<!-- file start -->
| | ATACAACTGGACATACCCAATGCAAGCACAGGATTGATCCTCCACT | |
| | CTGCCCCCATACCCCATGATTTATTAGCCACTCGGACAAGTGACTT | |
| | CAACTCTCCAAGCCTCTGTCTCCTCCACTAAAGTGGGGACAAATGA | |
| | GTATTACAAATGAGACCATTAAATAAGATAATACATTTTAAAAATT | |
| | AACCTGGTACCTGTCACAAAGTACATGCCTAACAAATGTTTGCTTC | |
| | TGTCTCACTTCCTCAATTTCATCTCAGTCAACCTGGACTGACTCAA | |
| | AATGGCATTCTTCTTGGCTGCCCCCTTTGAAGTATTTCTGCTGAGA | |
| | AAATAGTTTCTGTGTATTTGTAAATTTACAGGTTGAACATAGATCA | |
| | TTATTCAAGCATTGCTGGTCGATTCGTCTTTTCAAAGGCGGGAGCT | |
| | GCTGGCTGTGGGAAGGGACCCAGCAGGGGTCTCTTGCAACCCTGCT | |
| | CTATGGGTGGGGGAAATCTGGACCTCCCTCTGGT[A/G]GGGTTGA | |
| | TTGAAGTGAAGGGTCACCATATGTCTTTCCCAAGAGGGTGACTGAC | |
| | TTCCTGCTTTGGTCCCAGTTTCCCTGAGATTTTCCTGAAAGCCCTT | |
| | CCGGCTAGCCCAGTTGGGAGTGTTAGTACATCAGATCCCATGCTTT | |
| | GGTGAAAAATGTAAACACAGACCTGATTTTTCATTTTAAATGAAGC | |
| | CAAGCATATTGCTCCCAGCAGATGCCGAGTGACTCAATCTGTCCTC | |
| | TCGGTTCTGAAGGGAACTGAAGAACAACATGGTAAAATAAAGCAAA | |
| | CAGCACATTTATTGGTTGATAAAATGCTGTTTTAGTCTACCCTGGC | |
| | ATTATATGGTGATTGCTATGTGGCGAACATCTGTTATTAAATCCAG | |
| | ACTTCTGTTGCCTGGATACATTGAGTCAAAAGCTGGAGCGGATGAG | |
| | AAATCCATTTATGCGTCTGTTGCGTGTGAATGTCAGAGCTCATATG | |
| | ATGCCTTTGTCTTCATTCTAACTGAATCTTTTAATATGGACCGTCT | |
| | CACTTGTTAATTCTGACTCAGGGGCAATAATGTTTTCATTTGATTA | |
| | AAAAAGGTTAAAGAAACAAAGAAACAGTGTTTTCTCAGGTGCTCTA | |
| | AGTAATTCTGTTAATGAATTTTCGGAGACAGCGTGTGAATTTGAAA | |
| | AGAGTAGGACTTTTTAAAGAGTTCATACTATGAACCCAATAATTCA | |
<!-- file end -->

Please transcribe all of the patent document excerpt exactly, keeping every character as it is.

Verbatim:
| | ATACAACTGGACATACCCAATGCAAGCACAGGATTGATCCTCCACT | |
| | CTGCCCCCATACCCCATGATTTATTAGCCACTCGGACAAGTGACTT | |
| | CAACTCTCCAAGCCTCTGTCTCCTCCACTAAAGTGGGGACAAATGA | |
| | GTATTACAAATGAGACCATTAAATAAGATAATACATTTTAAAAATT | |
| | AACCTGGTACCTGTCACAAAGTACATGCCTAACAAATGTTTGCTTC | |
| | TGTCTCACTTCCTCAATTTCATCTCAGTCAACCTGGACTGACTCAA | |
| | AATGGCATTCTTCTTGGCTGCCCCCTTTGAAGTATTTCTGCTGAGA | |
| | AAATAGTTTCTGTGTATTTGTAAATTTACAGGTTGAACATAGATCA | |
| | TTATTCAAGCATTGCTGGTCGATTCGTCTTTTCAAAGGCGGGAGCT | |
| | GCTGGCTGTGGGAAGGGACCCAGCAGGGGTCTCTTGCAACCCTGCT | |
| | CTATGGGTGGGGGAAATCTGGACCTCCCTCTGGT[A/G]GGGTTGA | |
| | TTGAAGTGAAGGGTCACCATATGTCTTTCCCAAGAGGGTGACTGAC | |
| | TTCCTGCTTTGGTCCCAGTTTCCCTGAGATTTTCCTGAAAGCCCTT | |
| | CCGGCTAGCCCAGTTGGGAGTGTTAGTACATCAGATCCCATGCTTT | |
| | GGTGAAAAATGTAAACACAGACCTGATTTTTCATTTTAAATGAAGC | |
| | CAAGCATATTGCTCCCAGCAGATGCCGAGTGACTCAATCTGTCCTC | |
| | TCGGTTCTGAAGGGAACTGAAGAACAACATGGTAAAATAAAGCAAA | |
| | CAGCACATTTATTGGTTGATAAAATGCTGTTTTAGTCTACCCTGGC | |
| | ATTATATGGTGATTGCTATGTGGCGAACATCTGTTATTAAATCCAG | |
| | ACTTCTGTTGCCTGGATACATTGAGTCAAAAGCTGGAGCGGATGAG | |
| | AAATCCATTTATGCGTCTGTTGCGTGTGAATGTCAGAGCTCATATG | |
| | ATGCCTTTGTCTTCATTCTAACTGAATCTTTTAATATGGACCGTCT | |
| | CACTTGTTAATTCTGACTCAGGGGCAATAATGTTTTCATTTGATTA | |
| | AAAAAGGTTAAAGAAACAAAGAAACAGTGTTTTCTCAGGTGCTCTA | |
| | AGTAATTCTGTTAATGAATTTTCGGAGACAGCGTGTGAATTTGAAA | |
| | AGAGTAGGACTTTTTAAAGAGTTCATACTATGAACCCAATAATTCA | |